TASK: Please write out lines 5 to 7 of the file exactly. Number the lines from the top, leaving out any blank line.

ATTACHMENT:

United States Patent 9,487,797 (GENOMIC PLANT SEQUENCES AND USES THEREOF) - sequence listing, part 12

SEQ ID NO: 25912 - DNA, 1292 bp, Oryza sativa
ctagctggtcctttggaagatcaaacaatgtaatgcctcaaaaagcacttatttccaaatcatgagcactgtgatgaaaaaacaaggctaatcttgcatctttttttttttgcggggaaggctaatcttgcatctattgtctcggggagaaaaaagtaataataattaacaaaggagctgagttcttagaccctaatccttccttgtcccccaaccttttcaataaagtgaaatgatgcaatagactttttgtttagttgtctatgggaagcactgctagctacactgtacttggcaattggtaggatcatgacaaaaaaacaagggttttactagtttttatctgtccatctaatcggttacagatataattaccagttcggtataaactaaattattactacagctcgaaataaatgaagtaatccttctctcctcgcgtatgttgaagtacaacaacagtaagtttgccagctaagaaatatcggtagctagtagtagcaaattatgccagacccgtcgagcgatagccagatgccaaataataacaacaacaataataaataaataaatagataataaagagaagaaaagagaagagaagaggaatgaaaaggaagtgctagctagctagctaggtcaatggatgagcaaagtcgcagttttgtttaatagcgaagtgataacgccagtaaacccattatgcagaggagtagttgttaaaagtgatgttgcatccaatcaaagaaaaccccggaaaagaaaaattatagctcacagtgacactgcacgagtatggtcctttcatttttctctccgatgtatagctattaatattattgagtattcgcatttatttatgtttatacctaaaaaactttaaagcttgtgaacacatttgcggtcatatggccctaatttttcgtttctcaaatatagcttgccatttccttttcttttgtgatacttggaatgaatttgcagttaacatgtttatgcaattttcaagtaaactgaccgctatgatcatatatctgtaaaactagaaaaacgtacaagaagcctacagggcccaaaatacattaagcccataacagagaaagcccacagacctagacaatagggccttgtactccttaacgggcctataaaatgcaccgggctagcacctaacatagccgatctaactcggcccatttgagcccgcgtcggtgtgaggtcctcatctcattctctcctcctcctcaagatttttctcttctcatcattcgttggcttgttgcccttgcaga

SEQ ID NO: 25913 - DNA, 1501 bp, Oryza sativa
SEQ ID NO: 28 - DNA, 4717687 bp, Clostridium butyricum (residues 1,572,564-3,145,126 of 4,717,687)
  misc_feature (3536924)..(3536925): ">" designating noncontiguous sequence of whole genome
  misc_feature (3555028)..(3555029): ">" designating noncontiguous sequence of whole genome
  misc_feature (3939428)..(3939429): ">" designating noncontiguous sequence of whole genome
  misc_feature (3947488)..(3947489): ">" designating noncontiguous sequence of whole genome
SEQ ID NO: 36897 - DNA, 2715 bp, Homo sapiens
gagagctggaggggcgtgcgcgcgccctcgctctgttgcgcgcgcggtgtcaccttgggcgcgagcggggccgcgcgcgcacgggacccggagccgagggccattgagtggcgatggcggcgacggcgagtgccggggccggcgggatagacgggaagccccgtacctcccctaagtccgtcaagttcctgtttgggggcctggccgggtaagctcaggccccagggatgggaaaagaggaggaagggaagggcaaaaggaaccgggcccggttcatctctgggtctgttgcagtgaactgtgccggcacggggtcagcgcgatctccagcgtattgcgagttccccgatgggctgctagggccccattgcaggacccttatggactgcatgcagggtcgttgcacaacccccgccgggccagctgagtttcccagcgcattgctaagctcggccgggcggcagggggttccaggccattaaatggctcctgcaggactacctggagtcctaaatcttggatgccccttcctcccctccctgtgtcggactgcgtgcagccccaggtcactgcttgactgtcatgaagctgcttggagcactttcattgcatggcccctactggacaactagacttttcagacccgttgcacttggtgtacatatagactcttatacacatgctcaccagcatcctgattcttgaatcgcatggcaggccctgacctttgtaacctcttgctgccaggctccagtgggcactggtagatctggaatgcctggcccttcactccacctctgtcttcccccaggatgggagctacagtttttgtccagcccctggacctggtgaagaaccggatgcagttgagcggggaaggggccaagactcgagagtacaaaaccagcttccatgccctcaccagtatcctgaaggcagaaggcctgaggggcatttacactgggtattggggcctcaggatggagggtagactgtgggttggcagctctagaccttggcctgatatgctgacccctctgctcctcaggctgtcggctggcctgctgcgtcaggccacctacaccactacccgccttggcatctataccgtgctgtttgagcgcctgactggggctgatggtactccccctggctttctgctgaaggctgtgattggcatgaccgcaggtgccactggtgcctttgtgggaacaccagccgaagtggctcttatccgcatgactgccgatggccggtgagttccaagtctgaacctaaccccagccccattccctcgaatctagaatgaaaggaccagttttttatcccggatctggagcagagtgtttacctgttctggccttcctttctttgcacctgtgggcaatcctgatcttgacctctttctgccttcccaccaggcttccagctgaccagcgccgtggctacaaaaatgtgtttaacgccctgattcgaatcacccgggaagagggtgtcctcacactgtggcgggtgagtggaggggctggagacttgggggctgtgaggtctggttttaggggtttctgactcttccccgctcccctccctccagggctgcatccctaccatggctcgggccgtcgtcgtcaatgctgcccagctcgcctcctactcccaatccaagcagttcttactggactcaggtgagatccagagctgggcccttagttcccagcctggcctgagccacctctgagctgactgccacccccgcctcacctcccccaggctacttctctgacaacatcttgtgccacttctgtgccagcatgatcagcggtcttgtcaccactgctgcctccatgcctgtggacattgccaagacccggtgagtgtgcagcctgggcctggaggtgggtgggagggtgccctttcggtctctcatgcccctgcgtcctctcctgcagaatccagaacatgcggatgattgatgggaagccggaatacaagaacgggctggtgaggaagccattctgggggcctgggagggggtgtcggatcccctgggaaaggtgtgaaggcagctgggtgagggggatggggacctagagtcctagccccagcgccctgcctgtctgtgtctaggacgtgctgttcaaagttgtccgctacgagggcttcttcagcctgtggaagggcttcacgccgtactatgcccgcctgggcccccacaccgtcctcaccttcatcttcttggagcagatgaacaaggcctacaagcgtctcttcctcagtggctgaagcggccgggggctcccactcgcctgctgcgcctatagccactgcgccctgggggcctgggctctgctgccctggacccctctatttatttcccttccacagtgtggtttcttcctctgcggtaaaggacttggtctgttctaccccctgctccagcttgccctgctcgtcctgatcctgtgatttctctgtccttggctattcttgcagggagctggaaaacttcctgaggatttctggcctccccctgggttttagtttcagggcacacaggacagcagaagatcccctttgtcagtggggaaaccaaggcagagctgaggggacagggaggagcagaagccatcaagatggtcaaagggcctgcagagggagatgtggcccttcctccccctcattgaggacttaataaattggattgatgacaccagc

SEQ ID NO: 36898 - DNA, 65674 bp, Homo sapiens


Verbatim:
SEQ ID NO: 28 - DNA, 4717687 bp, Clostridium butyricum (residues 1,572,564-3,145,126 of 4,717,687)
  misc_feature (3536924)..(3536925): ">" designating noncontiguous sequence of whole genome
  misc_feature (3555028)..(3555029): ">" designating noncontiguous sequence of whole genome